Miss Mogul: An Interview With Hannah Kearney
Although she calls Vermont home, Hannah Kearney was born at Dartmouth-Hitchcock Medical Center, went to Hanover High School and skied for the Waterville Valley Freestyle Team. So when she won America’s first gold medal in Vancouver’s 2010 Olympics, the Granite State claimed bragging rights. Since then she has stayed busy competing and training for the next Winter Olympics in Russia in 2014. She gets frequent requests to speak to students and young athletes, where she likes to remind them you can be successful and still enjoy life. She and her gold medal appeared in Manchester on Sept. 22 at the Tri-City Expo where she signed autographs and represented her local sponsor, Lovering Volvo of Nashua.
So, where is your gold medal now, and where is the strangest place you’ve ever taken it?
My Gold medal is locked in a fire proof box under my bed. Once I retire and spend more time at home, I plan to display it proudly in some sort of frame that my dad will construct.
I let my mom take the medal to Nova Scotia to share with my grandfather, aunt and cousins. It happens to show up as a dark spot on the TSA’s screen at security, so they always end up searching my bag and being very surprised by what they find when I travel.Mogul skiing seems so punishing. Why would you choose it as a sport?
I didn’t exactly chose mogul skiing. I grew up skiing with my family in VT and NH and I always loved the bumps on the side of the trail. When I began competing in moguls at age 9, the sport of freestyle also included aerials and ballet skiing and I did not consider the impact a career in mogul skiing would have on my body. When I qualified for the US Ski Team, I was still playing soccer and running track. After I graduated high school, skiing was the only sport left in my life. I would say that I pursued moguls both by default and because I have always loved competing. It would be hard to pass up an opportunity to work towards an Olympic appearance, even if the sport comes with its shares of aches and pains. We spend a lot of time in the gym so that our bodies can better handle the impact of training and competing. You grew up in Vermont and I’ve read you consider yourself half Canadian. What percentage of you is Granite Stater?
I was born at the Dartmouth Hitchcock Medical center in Hanover, NH so my passports lists NH as my place of birth. I also graduated from Hanover High School and skied for the Waterville Valley Freestyle Ski Team. I am a student at Dartmouth College, my gym is in NH, and both of my parents currently live there. I am definitely a Vermonter, but NH has played a significant role in my life.Other than skiing, what you like to do when you are in New Hampshire?
I just picked up golf this spring, so that is an activity I love to do in NH. I also enjoy hiking Smarts and Cube Mountains.Do you ever do anything here for fun that’s not sports-related?
Eating good food, preferably with friends and family is one of my favorite non-athletic activities. I love cooking, watching the Red Sox, and my brother’s hockey games. Okay, I guess those activities are sports related, but I am not the one expending energy.With the 2014 Olympics in Sochi on the Black Sea, will you’ll be studying Russian while you are at Dartmouth?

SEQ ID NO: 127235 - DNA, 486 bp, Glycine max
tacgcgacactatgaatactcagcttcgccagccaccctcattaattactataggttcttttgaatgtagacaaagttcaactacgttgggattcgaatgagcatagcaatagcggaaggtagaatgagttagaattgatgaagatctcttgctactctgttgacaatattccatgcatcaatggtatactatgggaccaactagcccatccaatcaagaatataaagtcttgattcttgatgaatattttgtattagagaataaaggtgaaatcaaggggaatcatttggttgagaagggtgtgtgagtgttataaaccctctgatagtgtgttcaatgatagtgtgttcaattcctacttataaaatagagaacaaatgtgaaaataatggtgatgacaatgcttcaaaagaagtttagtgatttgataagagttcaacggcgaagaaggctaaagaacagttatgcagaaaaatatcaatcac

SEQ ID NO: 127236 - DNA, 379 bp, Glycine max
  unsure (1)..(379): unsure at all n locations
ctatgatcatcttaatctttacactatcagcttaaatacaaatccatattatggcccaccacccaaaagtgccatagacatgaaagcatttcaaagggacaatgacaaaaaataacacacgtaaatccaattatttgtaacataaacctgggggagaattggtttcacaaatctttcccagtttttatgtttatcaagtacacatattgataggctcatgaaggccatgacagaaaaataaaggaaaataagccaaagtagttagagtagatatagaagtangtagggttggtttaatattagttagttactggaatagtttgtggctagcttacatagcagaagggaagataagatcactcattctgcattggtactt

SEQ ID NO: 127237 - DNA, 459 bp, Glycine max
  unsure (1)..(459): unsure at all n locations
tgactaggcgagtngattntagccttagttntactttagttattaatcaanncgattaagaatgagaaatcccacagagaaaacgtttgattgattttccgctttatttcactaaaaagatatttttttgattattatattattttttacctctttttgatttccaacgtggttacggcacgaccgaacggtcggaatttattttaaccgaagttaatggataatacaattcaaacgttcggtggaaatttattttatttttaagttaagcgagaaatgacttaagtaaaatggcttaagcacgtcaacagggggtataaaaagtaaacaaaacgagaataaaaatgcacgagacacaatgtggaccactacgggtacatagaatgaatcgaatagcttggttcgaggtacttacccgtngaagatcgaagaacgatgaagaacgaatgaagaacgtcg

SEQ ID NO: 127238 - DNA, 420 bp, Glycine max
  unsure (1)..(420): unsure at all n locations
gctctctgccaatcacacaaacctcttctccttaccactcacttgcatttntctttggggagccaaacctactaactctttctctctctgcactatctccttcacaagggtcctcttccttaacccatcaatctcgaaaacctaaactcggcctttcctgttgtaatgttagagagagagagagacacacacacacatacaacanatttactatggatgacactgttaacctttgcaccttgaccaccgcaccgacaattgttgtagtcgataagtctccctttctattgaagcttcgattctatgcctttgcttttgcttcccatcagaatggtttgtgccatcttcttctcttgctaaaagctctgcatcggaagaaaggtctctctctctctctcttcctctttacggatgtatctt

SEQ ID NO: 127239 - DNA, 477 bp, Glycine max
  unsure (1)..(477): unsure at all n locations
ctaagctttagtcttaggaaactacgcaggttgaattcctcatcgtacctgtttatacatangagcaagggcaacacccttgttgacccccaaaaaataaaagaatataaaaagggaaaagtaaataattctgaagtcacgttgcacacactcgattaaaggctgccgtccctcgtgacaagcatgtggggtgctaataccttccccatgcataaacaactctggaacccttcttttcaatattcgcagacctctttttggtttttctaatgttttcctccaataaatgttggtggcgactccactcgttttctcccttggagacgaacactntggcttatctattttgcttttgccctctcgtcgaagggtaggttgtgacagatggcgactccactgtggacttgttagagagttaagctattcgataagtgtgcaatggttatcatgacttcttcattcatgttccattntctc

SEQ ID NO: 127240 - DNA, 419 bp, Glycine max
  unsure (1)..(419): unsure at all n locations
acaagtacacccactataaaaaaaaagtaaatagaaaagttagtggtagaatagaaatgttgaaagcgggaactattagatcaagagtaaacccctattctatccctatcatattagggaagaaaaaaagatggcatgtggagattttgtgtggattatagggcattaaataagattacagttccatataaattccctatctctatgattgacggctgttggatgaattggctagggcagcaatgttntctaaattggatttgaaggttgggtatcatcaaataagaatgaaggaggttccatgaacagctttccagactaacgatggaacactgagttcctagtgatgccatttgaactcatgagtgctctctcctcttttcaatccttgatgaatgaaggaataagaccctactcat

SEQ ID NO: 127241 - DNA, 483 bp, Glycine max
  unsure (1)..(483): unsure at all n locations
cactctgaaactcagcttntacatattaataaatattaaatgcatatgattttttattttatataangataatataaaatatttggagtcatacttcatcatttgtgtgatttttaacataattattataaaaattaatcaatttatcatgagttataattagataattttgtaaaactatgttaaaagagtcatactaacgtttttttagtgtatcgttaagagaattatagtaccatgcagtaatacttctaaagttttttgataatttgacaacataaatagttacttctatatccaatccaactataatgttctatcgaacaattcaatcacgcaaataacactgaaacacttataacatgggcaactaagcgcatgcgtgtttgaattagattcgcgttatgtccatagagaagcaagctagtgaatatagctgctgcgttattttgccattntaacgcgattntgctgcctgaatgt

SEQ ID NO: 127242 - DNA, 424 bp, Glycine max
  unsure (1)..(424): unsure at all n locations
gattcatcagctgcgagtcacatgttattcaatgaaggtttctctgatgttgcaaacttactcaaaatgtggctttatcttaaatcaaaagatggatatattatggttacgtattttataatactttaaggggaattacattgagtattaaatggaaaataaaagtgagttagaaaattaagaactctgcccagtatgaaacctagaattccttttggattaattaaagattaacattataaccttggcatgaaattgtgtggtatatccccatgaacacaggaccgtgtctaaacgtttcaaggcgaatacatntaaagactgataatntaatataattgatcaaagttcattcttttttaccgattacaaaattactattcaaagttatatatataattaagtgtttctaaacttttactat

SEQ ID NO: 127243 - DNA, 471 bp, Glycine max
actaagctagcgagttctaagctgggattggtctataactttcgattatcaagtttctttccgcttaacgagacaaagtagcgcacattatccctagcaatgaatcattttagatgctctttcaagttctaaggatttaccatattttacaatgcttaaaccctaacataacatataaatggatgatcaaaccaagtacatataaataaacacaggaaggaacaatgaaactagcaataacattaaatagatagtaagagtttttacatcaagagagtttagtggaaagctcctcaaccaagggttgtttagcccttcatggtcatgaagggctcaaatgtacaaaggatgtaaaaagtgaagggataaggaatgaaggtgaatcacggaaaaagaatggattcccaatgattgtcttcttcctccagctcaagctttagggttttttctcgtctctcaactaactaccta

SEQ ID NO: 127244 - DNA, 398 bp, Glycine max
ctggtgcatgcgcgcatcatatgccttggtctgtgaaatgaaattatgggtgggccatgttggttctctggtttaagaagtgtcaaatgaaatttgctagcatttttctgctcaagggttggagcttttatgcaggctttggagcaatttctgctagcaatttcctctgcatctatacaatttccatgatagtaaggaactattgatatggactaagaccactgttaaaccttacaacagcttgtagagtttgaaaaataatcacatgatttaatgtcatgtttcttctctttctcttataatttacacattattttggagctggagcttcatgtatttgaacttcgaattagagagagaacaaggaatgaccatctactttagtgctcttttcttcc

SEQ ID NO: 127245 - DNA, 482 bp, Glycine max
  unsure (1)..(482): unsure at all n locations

I will not be taking Russian at Dartmouth. I am required to take language courses, but I am going for French because I have a head start from years of elementary and high school french classes. Any other specific preparations for the 2014 Olympics under way?
Winning the 2014 Olympics is an important goal of mine, so most of the decisions I make are in preparation for those Games. I have been living at the Olympic Training Center in Lake Placid, NY. It is a fantastic place to train. I am working on increasing the difficulty of my airs by jumping on a trampoline and skiing down a ramp into a pool of water.Along with school and training you are doing some local promotions. How’d you get the sweet gig with Lovering Volvo?
Deb Moore used to work at Waterville Valley, where I trained. She now works at a ad agency, Clearly Creative, that was hired by Lovering Volvo and she thought that she could create an interesting ad campaign for them that included me. I was flattered and agreed that Volvo’s AWD, safety, and ski and bike rack were a great fit for my training demands. The XC60 has been an amazing car and the Lovering family is very supportive. Bet you get called to do lots of speeches and motivational talks. What’s your best line? Or if you don’t want to give it away, what’s your second best line?
During talks, I have a tendency to remind people that if you don’t love the sport or career, it is not worth pursuing. A lot of satisfaction in life is cultivated by working towards a goal because you feel organically motivated and truly happy about your choices. Mostly, this statement is directed at parents because I fear that some kids are loosing their youth as a result of specializing in a sport at a really young age. You can be a successful athlete and still enjoy life! My parents were very supportive and certainly encouraging, but they never pressured me into anything. I kept my friends by staying in public school, playing other sports and skiing only on the weekends. Because my decisions were truly my own, my results have reflected the passion I feel. Name a sport, other than moguls, where you could totally beat Bode Miller.
Honestly, I don’t think I have a chance against Bode in any athletic endeavor!How about non-athletic?
Maybe I could beat him in a cooking contest.